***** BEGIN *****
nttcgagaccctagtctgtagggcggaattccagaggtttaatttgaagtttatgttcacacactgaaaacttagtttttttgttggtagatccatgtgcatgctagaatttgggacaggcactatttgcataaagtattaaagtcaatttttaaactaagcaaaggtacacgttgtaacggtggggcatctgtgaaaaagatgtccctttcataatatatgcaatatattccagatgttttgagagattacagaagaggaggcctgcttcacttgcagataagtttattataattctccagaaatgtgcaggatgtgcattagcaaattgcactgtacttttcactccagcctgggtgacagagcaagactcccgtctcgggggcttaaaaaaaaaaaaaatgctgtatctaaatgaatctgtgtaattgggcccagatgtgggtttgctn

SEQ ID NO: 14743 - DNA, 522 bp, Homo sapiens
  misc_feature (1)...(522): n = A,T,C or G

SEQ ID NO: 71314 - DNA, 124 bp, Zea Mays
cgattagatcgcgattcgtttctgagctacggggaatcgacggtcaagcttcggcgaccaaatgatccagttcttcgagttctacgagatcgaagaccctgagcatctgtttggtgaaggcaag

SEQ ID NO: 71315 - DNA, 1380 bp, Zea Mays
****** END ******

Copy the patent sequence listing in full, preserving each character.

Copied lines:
nttcgagaccctagtctgtagggcggaattccagaggtttaatttgaagtttatgttcacacactgaaaacttagtttttttgttggtagatccatgtgcatgctagaatttgggacaggcactatttgcataaagtattaaagtcaatttttaaactaagcaaaggtacacgttgtaacggtggggcatctgtgaaaaagatgtccctttcataatatatgcaatatattccagatgttttgagagattacagaagaggaggcctgcttcacttgcagataagtttattataattctccagaaatgtgcaggatgtgcattagcaaattgcactgtacttttcactccagcctgggtgacagagcaagactcccgtctcgggggcttaaaaaaaaaaaaaatgctgtatctaaatgaatctgtgtaattgggcccagatgtgggtttgctn

SEQ ID NO: 14743 - DNA, 522 bp, Homo sapiens
  misc_feature (1)...(522): n = A,T,C or G

SEQ ID NO: 71314 - DNA, 124 bp, Zea Mays
cgattagatcgcgattcgtttctgagctacggggaatcgacggtcaagcttcggcgaccaaatgatccagttcttcgagttctacgagatcgaagaccctgagcatctgtttggtgaaggcaag

SEQ ID NO: 71315 - DNA, 1380 bp, Zea Mays